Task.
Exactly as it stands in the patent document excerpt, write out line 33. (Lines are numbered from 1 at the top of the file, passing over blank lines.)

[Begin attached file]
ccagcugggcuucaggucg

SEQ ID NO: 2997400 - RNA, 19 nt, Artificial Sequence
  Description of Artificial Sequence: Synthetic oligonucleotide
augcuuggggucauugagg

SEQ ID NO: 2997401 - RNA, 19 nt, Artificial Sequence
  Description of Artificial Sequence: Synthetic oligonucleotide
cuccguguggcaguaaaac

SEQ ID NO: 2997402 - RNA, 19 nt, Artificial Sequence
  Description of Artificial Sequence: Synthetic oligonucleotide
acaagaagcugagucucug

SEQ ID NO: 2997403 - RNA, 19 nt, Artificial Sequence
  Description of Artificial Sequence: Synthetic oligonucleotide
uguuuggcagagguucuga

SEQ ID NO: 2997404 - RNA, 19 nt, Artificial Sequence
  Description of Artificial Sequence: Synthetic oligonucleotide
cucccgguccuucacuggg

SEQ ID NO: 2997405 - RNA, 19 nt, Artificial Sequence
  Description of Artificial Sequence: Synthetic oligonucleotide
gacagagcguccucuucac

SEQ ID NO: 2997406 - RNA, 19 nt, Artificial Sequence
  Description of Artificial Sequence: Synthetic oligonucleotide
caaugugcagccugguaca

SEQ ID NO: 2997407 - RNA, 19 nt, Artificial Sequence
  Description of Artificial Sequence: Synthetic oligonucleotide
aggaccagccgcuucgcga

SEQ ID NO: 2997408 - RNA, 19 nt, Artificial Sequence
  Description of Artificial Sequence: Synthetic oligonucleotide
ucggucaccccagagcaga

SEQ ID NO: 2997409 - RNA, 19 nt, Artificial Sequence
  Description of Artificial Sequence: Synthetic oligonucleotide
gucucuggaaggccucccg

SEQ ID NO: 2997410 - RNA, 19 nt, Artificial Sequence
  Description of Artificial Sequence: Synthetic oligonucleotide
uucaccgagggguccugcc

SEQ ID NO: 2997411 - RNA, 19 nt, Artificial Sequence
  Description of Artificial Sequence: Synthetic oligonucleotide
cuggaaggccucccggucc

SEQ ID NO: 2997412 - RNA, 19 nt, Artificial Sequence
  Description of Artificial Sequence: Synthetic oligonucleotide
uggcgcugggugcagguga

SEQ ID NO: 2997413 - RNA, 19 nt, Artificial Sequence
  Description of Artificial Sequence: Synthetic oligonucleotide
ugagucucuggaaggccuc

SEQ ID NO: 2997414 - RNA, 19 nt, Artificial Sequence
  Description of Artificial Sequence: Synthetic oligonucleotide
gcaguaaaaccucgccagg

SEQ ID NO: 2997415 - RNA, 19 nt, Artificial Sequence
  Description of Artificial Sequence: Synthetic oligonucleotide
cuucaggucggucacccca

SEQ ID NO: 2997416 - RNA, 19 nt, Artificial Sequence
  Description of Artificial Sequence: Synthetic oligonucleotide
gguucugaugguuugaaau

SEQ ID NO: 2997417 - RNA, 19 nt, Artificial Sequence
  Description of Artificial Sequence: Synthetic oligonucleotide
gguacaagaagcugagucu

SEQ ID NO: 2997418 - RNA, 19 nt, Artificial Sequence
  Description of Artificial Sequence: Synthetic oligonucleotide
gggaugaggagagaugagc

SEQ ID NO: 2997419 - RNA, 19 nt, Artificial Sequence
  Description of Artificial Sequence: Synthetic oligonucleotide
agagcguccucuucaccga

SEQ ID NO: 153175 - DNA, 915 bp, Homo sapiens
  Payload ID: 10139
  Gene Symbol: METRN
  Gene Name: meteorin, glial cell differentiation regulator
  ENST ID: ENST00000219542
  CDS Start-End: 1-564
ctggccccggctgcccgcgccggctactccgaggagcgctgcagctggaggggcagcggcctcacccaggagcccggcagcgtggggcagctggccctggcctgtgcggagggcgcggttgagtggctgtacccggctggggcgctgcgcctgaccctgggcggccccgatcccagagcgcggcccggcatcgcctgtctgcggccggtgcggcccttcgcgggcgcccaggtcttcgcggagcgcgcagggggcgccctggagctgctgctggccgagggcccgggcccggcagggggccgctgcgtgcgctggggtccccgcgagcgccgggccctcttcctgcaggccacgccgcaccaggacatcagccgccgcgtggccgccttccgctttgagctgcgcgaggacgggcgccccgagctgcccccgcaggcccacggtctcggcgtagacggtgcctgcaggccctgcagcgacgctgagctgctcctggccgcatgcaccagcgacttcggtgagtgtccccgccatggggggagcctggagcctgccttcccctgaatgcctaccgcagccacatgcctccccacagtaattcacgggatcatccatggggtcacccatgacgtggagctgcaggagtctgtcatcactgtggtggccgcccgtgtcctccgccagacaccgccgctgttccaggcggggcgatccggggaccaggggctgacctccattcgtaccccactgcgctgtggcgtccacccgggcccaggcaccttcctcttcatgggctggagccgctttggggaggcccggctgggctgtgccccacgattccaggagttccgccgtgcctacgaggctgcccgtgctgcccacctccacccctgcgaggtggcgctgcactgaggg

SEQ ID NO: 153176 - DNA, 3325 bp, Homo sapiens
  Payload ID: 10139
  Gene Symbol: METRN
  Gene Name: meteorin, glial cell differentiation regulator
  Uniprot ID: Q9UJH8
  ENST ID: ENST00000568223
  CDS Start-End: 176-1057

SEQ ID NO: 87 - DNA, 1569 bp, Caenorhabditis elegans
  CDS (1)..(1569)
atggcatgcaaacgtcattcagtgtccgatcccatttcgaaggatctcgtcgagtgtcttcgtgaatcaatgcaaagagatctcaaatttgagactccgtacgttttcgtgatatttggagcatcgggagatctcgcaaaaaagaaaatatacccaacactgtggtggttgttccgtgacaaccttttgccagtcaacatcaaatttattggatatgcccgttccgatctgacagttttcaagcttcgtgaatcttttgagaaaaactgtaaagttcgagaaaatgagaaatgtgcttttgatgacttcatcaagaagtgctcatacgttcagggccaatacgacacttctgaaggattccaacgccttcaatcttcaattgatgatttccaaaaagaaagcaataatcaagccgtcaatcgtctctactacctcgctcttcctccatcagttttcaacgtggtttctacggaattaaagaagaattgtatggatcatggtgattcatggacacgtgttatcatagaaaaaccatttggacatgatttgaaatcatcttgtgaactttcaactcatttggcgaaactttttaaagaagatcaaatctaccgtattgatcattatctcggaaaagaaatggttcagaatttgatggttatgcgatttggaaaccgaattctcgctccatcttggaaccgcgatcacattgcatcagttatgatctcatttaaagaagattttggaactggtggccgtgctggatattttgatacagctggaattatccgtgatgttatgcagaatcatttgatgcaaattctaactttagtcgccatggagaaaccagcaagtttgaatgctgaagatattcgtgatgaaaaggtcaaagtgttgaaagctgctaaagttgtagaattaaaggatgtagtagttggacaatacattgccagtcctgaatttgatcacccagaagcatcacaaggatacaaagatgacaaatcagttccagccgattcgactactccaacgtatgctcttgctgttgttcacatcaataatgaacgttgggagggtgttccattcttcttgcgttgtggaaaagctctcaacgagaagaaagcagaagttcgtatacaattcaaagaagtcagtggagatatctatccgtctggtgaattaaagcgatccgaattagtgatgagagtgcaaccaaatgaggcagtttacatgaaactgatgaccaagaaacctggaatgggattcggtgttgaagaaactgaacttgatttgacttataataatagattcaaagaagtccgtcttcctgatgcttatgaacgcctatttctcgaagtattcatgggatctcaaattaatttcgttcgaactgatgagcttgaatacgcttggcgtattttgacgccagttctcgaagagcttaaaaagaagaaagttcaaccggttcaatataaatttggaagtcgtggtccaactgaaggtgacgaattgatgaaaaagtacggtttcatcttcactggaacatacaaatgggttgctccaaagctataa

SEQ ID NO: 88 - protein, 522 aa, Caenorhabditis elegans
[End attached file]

  Description of Artificial Sequence: Synthetic oligonucleotide